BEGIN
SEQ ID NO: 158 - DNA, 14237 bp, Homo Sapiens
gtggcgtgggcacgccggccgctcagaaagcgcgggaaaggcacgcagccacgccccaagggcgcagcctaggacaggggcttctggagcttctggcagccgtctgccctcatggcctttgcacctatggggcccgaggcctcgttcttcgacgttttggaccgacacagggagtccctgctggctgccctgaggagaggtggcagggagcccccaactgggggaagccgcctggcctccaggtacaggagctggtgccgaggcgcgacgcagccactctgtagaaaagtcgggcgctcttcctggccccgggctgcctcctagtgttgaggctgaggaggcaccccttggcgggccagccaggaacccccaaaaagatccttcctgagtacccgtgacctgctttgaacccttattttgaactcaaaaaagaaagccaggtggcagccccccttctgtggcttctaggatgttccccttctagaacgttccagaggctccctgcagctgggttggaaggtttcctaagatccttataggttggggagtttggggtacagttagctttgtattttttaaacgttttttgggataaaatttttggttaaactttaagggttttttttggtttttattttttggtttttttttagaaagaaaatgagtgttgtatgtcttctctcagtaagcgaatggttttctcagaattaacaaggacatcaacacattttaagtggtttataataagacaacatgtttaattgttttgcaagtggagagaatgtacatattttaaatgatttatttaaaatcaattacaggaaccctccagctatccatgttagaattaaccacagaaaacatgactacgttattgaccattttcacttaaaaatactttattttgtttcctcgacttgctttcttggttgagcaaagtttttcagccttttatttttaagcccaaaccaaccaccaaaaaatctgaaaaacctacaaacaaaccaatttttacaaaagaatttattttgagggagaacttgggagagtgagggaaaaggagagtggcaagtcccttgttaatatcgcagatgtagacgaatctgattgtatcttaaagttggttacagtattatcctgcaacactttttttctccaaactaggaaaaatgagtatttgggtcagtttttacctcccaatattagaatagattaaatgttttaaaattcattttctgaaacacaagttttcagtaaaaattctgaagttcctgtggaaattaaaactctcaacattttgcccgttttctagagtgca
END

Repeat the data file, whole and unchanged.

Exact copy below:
SEQ ID NO: 158 - DNA, 14237 bp, Homo Sapiens
gtggcgtgggcacgccggccgctcagaaagcgcgggaaaggcacgcagccacgccccaagggcgcagcctaggacaggggcttctggagcttctggcagccgtctgccctcatggcctttgcacctatggggcccgaggcctcgttcttcgacgttttggaccgacacagggagtccctgctggctgccctgaggagaggtggcagggagcccccaactgggggaagccgcctggcctccaggtacaggagctggtgccgaggcgcgacgcagccactctgtagaaaagtcgggcgctcttcctggccccgggctgcctcctagtgttgaggctgaggaggcaccccttggcgggccagccaggaacccccaaaaagatccttcctgagtacccgtgacctgctttgaacccttattttgaactcaaaaaagaaagccaggtggcagccccccttctgtggcttctaggatgttccccttctagaacgttccagaggctccctgcagctgggttggaaggtttcctaagatccttataggttggggagtttggggtacagttagctttgtattttttaaacgttttttgggataaaatttttggttaaactttaagggttttttttggtttttattttttggtttttttttagaaagaaaatgagtgttgtatgtcttctctcagtaagcgaatggttttctcagaattaacaaggacatcaacacattttaagtggtttataataagacaacatgtttaattgttttgcaagtggagagaatgtacatattttaaatgatttatttaaaatcaattacaggaaccctccagctatccatgttagaattaaccacagaaaacatgactacgttattgaccattttcacttaaaaatactttattttgtttcctcgacttgctttcttggttgagcaaagtttttcagccttttatttttaagcccaaaccaaccaccaaaaaatctgaaaaacctacaaacaaaccaatttttacaaaagaatttattttgagggagaacttgggagagtgagggaaaaggagagtggcaagtcccttgttaatatcgcagatgtagacgaatctgattgtatcttaaagttggttacagtattatcctgcaacactttttttctccaaactaggaaaaatgagtatttgggtcagtttttacctcccaatattagaatagattaaatgttttaaaattcattttctgaaacacaagttttcagtaaaaattctgaagttcctgtggaaattaaaactctcaacattttgcccgttttctagagtgca